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TRAINING ‘TWEAKS’ TO IMPROVE PERFORMANCE

I guess most people that are reading this will agree that to increase basic static strength the standard ‘big’ lifts are best i.e. squats, rows, presses and pulls. Here at PFP we sometimes add some ‘tweaks’ to these same lifts to increase carry over to performance / movement / timing and over all balance.

Squat: From an athletic point of view it seems to me that we are missing a trick by not fully extending and accelerating on to our toes at the top of the squat. The last point of contact when we run or jump is to roll into planter flexion at our ankle. The force that we generate from our powerful glutes / hamstrings / quads must be transferred into the ground via calf extension for any real dynamic movement to happen. This ‘last bit’ of power transfer can be trained as part of the movement pattern by including extension at the ankle.

If we are only as strong as our weakest link then we should ensure the calf is not that weakness. So why not increase the range / complexity and athletic carry over of the movement by full extending on to our tip toes as we accelerate at the top of the squat. I suspect in addition to specific ankle joint training this addition will go some way to reduce calf / achilles tendon injuries in sport. Initially this will throw things off kilter as the core has to fire additionally to achieve balance. But you will suss it out quickly and be rewarded with possibly a better movement that will carry over to sport. Avoid ‘falling forward’ on to your toes during the lift, keep driving through flat feet initially as usual.

Other lifts that this ‘accelerate on to tiptoes’ extension lends themselves to are sub maximal dead lifts, good mornings and kettle bell swings. Most people that train here are encouraged to add this ‘tweak’ to their lifts. The power lifters generally ignore me though!

Dips: Try to forcefully depress the shoulders down and away from the ears at the top of the dip. This makes it a more difficult movement, creates more time under tension and further activates the serratus anterior which helps keep the shoulder blades (scapula) flat against your posterior rib cage. It also fires up the much under appreciated lower trapezius (trap 3). These muscles are important for structural balance and continued shoulder health. They will also help you press more, happy days! Try to squeeze down hard for 2-4 seconds, imagine you are trying to undo an imaginary bra buckle with your shoulder blades.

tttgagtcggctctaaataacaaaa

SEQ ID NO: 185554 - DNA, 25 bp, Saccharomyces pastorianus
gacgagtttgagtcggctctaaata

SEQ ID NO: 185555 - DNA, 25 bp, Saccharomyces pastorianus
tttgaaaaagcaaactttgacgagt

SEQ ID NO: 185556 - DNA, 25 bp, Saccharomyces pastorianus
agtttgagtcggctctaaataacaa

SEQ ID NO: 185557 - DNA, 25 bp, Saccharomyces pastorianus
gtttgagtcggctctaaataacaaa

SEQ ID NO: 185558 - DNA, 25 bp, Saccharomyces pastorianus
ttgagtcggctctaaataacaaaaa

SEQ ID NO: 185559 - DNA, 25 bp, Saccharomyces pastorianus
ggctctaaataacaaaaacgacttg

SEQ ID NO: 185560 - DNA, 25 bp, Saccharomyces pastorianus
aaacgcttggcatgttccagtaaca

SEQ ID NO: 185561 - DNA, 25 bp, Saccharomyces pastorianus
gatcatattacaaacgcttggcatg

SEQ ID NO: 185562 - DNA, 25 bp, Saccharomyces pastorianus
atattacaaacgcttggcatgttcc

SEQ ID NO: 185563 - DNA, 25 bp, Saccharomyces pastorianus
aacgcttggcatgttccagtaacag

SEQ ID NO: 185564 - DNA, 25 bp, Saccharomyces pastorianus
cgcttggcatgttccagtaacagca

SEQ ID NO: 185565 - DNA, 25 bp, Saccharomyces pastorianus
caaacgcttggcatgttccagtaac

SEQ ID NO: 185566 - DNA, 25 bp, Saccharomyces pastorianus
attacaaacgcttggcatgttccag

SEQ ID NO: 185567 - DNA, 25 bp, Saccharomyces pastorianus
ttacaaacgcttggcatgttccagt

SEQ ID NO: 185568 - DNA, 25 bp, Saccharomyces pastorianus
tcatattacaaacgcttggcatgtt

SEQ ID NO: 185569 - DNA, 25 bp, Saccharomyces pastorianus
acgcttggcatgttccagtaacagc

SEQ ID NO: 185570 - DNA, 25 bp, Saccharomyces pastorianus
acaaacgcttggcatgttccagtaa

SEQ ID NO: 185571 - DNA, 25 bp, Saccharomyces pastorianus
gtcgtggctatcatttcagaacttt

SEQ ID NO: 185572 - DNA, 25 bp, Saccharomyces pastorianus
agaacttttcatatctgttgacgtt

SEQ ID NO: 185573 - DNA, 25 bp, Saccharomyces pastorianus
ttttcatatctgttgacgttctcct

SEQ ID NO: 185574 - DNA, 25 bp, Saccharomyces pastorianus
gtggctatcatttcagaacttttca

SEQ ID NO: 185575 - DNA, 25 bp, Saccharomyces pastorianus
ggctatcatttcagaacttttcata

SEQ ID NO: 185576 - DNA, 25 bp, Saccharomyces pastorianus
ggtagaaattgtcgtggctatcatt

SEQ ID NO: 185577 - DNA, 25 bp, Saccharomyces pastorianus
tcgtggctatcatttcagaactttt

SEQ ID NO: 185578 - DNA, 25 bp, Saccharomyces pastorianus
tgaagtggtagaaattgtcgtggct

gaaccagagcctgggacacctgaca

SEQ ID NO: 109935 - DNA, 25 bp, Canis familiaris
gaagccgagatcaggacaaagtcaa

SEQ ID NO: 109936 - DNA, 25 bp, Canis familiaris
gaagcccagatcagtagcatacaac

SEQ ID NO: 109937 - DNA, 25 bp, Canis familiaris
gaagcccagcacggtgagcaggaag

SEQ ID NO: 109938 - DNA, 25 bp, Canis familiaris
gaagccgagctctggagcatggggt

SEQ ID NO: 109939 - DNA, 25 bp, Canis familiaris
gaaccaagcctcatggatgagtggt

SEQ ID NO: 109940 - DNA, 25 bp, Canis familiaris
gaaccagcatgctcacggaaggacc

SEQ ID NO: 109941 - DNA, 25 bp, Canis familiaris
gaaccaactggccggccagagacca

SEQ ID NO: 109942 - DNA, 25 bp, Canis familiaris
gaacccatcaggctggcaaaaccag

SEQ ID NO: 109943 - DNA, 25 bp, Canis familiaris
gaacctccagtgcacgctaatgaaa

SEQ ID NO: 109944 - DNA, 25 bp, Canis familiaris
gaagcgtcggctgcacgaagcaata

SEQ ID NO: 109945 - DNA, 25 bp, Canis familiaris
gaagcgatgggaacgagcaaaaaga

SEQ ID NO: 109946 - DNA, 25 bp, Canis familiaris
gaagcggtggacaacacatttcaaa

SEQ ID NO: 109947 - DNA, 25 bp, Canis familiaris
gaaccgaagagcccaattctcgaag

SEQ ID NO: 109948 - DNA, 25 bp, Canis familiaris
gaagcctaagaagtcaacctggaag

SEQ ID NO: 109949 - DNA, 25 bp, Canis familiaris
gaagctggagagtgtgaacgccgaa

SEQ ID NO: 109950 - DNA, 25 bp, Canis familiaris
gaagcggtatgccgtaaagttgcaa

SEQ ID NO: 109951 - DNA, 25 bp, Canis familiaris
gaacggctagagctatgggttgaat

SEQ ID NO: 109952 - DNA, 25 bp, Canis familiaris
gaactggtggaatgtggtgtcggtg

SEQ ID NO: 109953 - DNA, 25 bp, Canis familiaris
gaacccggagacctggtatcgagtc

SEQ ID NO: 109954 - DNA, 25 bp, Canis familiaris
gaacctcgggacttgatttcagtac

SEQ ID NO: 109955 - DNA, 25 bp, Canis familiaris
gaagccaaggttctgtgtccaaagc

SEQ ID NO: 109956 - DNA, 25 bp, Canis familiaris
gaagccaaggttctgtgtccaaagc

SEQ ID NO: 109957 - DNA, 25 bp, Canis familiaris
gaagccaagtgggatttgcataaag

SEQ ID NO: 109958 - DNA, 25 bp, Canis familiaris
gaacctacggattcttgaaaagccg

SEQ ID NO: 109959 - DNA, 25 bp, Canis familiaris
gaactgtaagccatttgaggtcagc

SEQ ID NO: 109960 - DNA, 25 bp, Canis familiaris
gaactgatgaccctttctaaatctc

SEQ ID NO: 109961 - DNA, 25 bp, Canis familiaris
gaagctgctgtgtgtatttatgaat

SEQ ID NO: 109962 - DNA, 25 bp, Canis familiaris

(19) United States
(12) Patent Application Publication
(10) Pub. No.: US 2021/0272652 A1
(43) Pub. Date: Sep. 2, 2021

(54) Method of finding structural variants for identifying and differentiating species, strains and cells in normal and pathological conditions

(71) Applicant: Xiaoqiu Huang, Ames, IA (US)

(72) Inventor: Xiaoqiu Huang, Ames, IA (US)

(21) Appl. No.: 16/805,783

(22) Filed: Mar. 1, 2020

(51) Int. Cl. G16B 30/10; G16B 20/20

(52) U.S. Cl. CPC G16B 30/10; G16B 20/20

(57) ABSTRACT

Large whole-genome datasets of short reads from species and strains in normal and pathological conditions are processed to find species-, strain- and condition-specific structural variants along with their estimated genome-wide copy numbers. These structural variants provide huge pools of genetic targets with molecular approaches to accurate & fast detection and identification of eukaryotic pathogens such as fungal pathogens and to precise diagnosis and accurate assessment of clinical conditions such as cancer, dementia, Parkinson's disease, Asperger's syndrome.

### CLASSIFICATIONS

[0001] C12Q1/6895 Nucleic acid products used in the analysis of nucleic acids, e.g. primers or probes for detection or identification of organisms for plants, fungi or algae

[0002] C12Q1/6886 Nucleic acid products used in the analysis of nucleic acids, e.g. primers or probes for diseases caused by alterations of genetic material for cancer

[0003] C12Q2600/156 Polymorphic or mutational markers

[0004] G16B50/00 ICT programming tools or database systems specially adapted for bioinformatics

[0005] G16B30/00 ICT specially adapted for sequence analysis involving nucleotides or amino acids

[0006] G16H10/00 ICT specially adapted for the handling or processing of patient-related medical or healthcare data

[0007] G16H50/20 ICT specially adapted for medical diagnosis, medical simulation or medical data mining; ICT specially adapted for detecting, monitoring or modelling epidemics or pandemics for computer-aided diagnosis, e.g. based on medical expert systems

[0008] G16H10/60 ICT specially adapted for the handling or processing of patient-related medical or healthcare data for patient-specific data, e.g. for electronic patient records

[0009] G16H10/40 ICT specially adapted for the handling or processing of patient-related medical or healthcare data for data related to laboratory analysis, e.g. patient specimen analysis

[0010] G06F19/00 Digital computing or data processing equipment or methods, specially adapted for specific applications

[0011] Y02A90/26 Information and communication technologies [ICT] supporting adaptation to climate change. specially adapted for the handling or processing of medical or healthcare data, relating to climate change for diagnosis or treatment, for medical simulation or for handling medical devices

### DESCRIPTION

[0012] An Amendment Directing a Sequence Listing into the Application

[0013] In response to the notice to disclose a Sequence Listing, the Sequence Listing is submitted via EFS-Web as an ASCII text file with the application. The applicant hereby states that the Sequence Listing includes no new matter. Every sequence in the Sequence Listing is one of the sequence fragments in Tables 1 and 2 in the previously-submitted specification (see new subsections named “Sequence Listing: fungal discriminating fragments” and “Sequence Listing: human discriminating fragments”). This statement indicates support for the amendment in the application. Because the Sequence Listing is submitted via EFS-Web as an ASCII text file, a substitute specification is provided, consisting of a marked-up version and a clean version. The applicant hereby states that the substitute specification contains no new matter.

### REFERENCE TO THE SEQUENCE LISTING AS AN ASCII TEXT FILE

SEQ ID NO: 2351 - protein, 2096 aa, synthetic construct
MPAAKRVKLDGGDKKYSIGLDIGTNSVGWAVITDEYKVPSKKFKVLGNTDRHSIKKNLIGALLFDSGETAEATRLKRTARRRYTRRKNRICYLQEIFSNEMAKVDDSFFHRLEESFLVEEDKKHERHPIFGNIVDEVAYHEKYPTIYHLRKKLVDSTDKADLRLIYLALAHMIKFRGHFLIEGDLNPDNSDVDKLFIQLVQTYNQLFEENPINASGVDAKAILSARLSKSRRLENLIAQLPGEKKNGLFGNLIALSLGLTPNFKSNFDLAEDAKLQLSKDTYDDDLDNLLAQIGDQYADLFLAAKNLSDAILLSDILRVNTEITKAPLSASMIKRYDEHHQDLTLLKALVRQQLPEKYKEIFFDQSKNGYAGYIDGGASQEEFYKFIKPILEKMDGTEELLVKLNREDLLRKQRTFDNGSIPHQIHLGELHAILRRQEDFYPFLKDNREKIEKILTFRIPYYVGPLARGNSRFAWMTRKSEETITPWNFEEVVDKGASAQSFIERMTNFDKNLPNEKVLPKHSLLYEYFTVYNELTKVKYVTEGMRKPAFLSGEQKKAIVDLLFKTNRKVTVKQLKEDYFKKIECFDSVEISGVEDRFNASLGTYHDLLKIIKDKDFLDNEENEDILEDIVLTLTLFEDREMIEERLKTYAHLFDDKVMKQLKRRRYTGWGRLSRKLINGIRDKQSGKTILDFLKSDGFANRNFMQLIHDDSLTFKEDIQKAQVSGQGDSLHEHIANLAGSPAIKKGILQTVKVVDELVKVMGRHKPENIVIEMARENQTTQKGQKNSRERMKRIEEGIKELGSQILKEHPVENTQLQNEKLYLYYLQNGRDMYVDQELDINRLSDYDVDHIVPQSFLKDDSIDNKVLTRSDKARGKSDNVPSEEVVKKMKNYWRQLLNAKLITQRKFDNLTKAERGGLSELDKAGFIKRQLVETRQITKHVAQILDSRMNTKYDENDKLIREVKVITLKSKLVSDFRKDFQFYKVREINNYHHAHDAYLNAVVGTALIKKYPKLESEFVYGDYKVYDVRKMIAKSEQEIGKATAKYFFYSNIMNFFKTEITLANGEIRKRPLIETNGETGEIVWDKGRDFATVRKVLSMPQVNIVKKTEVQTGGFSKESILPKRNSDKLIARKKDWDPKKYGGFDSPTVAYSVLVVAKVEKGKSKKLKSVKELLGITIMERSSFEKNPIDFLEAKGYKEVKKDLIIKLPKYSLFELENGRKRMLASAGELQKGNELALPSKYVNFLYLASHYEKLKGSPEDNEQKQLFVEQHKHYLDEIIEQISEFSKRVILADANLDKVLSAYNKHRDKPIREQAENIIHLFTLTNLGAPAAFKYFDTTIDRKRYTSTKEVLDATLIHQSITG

Press ups also benefit from this exaggerated tweak. As you straighten the elbows also forcefully protract (round) the shoulders and press the hands hard into the ground / handle. Of course increasing the range by elevating the hands is a basic and excellent tweak.

Pull ups / chins: By only just pulling to get the chin to the bar we miss out on the full range of movement that pulling to get the mid / lower chest to physically touch the bar allow. Not only does this activate more muscle making it a more difficult movement but is also starts the process of progressing to a muscle up. If you can do a muscle up you are guaranteed more sex! Also we do not use bands to assist progression here at PFP to the chin / pull up. Eccentric lowering seems to be more effective than the bands which don’t really give much assistance at the top where it is usually most needed or if they do then generally they give too much assistance at the bottom as you start the pull. Bands seem better suited to extension movements than flexion.

Hand stand press ups (HSPU): If we only do the press with our hand on the floor then again we are missing out on the full range of movement that we should aspire to do to increase strength. Therefore put your hands on 2 boxes or parallets so that when you lower your head towards the floor you have more range. Initially this is hard so try and elevate your hands a little every time even if only by an inch. Another option is to lower eccentrically over the full range of movement for a given time, 5-10-15seconds and so on. Both methods have worked well for people here at PFP including myself. As with muscle ups if you can do strict full range HSPUs you will defo get laid more!

Walking lunges: Rather than just simply rolling through from one lunge to the other in a steady tempo try and incorporate more dynamism. Drive hard with the lead leg while at the same time the rear leg snaps through and forward into a high knee ‘A skip’. Also fully extend on the tip toes of the now supporting leg. For added control and coordination pause in this high knee ‘A skip’ position still on tip toes for 1-2 seconds. Of course you will have to reduce the weight initially. Progression is initially achieved by skipping higher.

There are a few more tweaks that may help you depending on what you are trying to achieve i.e front levers v leg raises, zottman curls v standard curls, landmines v wood chops, snoopy pressups v normal pressups, prisoner squats v air squats, leg drop outs v leg raises…There is always different training methods to try and experiment with. So long as you avoid Mickey Mouse bullshit bosu ball bollox (ok a bit harsh)stuff and you are able to adhere to the basic principles of overload and full range of movement and of course they works towards your requirements then why not give them a go. If you want hypertrophy then struggling along with handstand pressups for 1-2 reps is probably a waste of your time!

A tip I got from my mate Jaime Webb at crossfit Exe is, to help weak pressups to progress, hang a band from over head and looping it round the chest of the trainee. As the person gets stronger use a thinner band etc. Far better than knee pressups etc. I can not believe I didn’t suss that out before!